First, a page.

#1
Hey everyone.
I've been playing guitar consistently for nearly 20 years now. god I'm almost old. Anyway...

I've recently became re-productive with playing and writing music. For a lot of my late teens and early 20's I was active. I then slowed thighs down due to a few different things (while kept playing) and have gotten back into the swing of it.

I must say I've always been a bit frustrated with building solos and stuff - since I'm mostly into 'radion' rock stuff as well as that cool 1970's FM radio sound, aka Neil Young. Artists I quite like are oasis, nirvana, matchbox 20, Neil young, Dashboard Confessional and stuff .

When I watch videos and stuff online of soloing, they often feel like they don't fall into my style. Am I being narrow minded, missing something or something else?

I get that blues (and jazz) are a foundational stone to music.
#2
I'm a little confused at your question. Are you asking what soloing techniques would work for radio rock type stuff?

Speaking from no experience and purely observation, I think a lot of the soloing in radio rock is just bluesy rock stuff. Ya know, minor pentatonic licks with distortion, etc.
#3
Relax. You're not doing anything wrong. Anyone can play solos, but not everyone wants to, and there's nothing wrong with that. If Malcolm Young wanted to become a soloist, we wouldn't have AC/DC now, would we? With that said, if you want to get into solos or leads, go for it.
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#5
Thanks for your input everyone. I really appreciate it.

I guess a large part of the frustration is how to build solos, like the ones Noel Gallagher would write (for example) or a solo that would slip perfectly into an Everclear song or The Frey.

Would 'these' be solos be built from the full spectrum of modes with a good dose of creativity ?
#6
Quote by flaaash
Thanks for your input everyone. I really appreciate it.

I guess a large part of the frustration is how to build solos, like the ones Noel Gallagher would write (for example) or a solo that would slip perfectly into an Everclear song or The Frey.

Would 'these' be solos be built from the full spectrum of modes with a good dose of creativity ?


Ignore modes. Most people don't need modes and you CERTAINLY don't need modes; you just need a decent understanding of the standard major and minor scales.

I think the kind of solos you want to play are ones that are built around a very strong, simple melody line so what you really need to do is concentrate on being able to play things like that; everything else is just window dressing.

So here's what you need to do: put down the guitar. Think of a melody in your head that really works with whatever you're trying to solo over. Then transcribe that to a guitar. If you need to, and you almost certainly will at first, then you can try singing it (it doesn't matter if you sing it well, you just need to be able to remember it) and recording it with your webcam or phone or whatever (if you don't have either of these things you can pick up a webcam that will do the job for about $20 or something these days).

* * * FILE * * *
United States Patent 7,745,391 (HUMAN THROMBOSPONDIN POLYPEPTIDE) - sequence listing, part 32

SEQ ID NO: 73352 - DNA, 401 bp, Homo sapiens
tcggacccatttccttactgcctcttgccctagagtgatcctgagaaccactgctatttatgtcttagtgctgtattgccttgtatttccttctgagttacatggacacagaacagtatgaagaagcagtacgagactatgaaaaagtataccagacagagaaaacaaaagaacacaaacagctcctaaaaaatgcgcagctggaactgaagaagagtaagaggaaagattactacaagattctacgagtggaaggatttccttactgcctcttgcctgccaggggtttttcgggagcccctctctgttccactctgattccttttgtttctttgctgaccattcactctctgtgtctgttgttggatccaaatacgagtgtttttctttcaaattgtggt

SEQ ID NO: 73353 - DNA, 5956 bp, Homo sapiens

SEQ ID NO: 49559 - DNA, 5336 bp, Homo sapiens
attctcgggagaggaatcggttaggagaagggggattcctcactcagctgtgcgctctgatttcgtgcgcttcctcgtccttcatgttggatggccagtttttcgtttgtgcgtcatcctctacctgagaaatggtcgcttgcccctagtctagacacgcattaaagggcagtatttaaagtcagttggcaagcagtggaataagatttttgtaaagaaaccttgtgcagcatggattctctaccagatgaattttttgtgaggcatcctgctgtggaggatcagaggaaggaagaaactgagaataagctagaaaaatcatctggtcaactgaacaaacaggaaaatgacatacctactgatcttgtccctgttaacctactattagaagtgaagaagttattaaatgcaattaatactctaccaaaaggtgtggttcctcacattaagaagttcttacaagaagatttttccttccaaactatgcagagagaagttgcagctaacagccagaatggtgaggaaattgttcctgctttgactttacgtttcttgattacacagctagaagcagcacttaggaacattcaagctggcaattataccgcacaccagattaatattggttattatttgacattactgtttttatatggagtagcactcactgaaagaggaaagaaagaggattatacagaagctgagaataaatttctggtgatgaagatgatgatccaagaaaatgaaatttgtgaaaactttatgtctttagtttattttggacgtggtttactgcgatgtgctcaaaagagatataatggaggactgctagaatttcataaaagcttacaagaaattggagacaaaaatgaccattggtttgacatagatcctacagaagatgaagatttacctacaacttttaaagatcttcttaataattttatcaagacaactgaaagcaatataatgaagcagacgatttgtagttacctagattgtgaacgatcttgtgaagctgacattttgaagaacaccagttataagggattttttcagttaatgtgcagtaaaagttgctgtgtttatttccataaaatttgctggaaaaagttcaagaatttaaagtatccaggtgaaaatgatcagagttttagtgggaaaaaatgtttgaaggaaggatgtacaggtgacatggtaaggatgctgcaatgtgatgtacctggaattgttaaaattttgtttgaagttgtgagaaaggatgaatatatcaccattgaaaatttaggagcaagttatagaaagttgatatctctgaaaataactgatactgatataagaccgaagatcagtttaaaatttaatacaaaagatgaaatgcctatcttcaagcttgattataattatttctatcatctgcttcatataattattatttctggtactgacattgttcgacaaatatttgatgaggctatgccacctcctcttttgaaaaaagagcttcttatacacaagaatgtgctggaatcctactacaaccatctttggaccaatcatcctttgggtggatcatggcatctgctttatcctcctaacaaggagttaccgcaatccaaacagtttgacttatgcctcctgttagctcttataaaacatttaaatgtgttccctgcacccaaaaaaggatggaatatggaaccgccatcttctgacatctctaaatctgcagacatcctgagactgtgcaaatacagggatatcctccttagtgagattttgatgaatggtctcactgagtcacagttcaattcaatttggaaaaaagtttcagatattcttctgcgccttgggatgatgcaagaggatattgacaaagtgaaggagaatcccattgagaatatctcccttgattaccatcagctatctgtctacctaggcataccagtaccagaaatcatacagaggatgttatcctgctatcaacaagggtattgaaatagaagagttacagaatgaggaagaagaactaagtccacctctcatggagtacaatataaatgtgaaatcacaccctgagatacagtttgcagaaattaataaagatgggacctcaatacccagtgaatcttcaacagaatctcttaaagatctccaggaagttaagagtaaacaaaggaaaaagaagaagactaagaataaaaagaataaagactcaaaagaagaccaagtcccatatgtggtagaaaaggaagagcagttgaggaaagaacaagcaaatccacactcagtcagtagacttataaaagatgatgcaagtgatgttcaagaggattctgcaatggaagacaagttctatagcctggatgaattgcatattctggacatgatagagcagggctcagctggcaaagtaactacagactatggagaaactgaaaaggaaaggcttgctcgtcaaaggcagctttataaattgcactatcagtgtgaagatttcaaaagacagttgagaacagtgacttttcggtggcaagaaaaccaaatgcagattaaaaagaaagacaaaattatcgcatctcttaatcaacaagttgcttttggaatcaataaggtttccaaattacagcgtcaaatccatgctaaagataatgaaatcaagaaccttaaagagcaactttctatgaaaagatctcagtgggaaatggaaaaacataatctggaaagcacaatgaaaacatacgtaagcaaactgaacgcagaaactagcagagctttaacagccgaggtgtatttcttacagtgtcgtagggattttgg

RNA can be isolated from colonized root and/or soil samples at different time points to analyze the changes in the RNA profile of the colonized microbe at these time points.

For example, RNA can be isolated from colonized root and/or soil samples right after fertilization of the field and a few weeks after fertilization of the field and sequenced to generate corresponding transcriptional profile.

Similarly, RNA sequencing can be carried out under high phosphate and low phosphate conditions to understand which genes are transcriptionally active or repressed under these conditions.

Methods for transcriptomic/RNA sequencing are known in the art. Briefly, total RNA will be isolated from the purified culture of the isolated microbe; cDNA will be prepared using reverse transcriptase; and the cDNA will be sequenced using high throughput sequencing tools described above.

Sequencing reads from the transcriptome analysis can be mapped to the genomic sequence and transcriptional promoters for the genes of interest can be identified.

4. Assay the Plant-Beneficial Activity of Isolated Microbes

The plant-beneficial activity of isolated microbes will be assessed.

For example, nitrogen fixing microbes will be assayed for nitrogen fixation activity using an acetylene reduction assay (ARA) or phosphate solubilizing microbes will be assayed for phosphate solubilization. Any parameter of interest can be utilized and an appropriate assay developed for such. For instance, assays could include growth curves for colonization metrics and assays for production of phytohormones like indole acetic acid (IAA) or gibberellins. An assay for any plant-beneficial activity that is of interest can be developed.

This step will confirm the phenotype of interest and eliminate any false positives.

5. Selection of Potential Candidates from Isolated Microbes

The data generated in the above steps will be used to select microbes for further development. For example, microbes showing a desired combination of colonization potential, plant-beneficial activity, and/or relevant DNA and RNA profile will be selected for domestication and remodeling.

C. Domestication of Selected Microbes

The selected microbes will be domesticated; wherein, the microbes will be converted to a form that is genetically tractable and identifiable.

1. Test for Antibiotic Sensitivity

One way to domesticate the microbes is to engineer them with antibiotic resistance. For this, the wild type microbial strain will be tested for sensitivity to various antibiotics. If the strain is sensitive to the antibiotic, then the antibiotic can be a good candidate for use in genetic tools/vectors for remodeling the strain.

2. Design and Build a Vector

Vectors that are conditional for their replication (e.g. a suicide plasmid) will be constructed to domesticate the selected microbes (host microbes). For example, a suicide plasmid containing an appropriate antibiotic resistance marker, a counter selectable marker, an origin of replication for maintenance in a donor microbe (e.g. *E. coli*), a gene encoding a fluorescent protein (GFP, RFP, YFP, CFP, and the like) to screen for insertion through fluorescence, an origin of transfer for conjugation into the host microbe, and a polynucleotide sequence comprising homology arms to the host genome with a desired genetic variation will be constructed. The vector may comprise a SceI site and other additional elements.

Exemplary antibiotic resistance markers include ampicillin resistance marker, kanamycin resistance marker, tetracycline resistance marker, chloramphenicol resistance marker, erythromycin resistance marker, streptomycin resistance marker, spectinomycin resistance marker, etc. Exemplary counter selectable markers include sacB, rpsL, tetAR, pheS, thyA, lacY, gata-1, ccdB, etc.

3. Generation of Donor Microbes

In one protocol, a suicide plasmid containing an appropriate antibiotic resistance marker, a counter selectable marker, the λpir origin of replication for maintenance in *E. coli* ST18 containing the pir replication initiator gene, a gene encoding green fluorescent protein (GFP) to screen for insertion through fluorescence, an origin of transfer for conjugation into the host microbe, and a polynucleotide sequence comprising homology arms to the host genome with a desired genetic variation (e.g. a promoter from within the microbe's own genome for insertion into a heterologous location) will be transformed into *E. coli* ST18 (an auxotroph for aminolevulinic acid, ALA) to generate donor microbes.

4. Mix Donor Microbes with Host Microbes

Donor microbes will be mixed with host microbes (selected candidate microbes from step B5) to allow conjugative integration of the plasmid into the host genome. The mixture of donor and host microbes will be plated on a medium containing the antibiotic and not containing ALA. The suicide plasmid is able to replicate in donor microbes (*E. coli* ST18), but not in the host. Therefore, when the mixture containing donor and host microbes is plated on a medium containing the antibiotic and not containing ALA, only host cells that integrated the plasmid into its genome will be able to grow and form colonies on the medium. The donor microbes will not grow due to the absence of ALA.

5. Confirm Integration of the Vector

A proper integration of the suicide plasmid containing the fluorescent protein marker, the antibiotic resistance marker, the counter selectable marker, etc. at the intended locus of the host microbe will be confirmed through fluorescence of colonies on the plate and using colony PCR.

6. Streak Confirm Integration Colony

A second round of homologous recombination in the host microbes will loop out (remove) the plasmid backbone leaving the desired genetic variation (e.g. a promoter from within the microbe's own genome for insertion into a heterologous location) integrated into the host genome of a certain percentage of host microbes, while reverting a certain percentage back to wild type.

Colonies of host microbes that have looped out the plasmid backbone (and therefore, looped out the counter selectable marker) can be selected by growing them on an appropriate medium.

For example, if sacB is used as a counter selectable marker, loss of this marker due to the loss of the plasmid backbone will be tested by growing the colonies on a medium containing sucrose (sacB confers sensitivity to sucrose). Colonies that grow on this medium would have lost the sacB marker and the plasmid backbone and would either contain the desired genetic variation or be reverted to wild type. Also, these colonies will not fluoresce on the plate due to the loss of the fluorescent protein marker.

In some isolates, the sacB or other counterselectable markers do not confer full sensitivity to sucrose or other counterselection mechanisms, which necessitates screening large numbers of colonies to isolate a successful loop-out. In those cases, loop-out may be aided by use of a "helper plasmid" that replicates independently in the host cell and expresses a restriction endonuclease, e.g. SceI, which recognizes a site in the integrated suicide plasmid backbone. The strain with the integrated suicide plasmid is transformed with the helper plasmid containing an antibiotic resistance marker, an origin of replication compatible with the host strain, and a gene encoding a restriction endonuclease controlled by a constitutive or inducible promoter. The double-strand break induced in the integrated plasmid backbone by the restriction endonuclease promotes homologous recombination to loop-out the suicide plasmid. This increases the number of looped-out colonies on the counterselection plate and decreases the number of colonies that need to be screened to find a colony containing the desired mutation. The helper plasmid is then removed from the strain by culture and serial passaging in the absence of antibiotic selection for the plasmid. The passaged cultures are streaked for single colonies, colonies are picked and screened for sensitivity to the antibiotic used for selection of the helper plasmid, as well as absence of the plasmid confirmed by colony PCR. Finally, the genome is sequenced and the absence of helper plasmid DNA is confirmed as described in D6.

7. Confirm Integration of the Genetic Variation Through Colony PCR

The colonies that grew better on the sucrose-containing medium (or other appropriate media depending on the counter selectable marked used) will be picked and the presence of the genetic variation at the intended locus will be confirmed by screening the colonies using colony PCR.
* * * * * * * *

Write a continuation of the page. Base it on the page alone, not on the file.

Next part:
Transcribing things like that is hard and at first it will be slow and you will get it wrong... but keep trying. You'll get it eventually!

Also important to note: having a good understanding of theory and understanding how certain sounds relate to theoretical concepts makes transcribing things so much easier. Again, it's a long road to travel and it's hard work but once you get that solo out of your head and on to the guitar... it's amazing.

Keep at it dude, you'll get there
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#7
Thanks Zaphod. I really appreciate it.

While I am competent at creating a solo, for the type of music I enjoy listening to and creating - I perhaps don't need to know which mode to play when on each chord, eg Cmaj, Gmaj, Amin, Emaj7 and Fmaj.

I've got a real cool multi track on my iphone which comes quite in handy!
#8
^ If it's a diatonic progression (i.e. no key changes or "outside" chords) you just need to find the key of the piece and you can play that scale. E.g. if the chords are E A D and it's in the key of E major, you can just play the E major scale over all of it.

a lot of rock solos are quite blues-based, though, and that sort of mixes and matches major tonalities- normally you play the blues scale (or what i call the "extended blues scale", not sure if that's a correct term or not it's basically the blues scale with the added major third, major 6th and sometimes major 7th) over a more major progression (which often uses dominant 7th chords, e.g. E7, A7 and D7 and you'd play E blues scale over that).

if you're halfway familiar with rock at all, though, that description there makes it sound a lot more complicated than it really is, it just kind of sounds "right".
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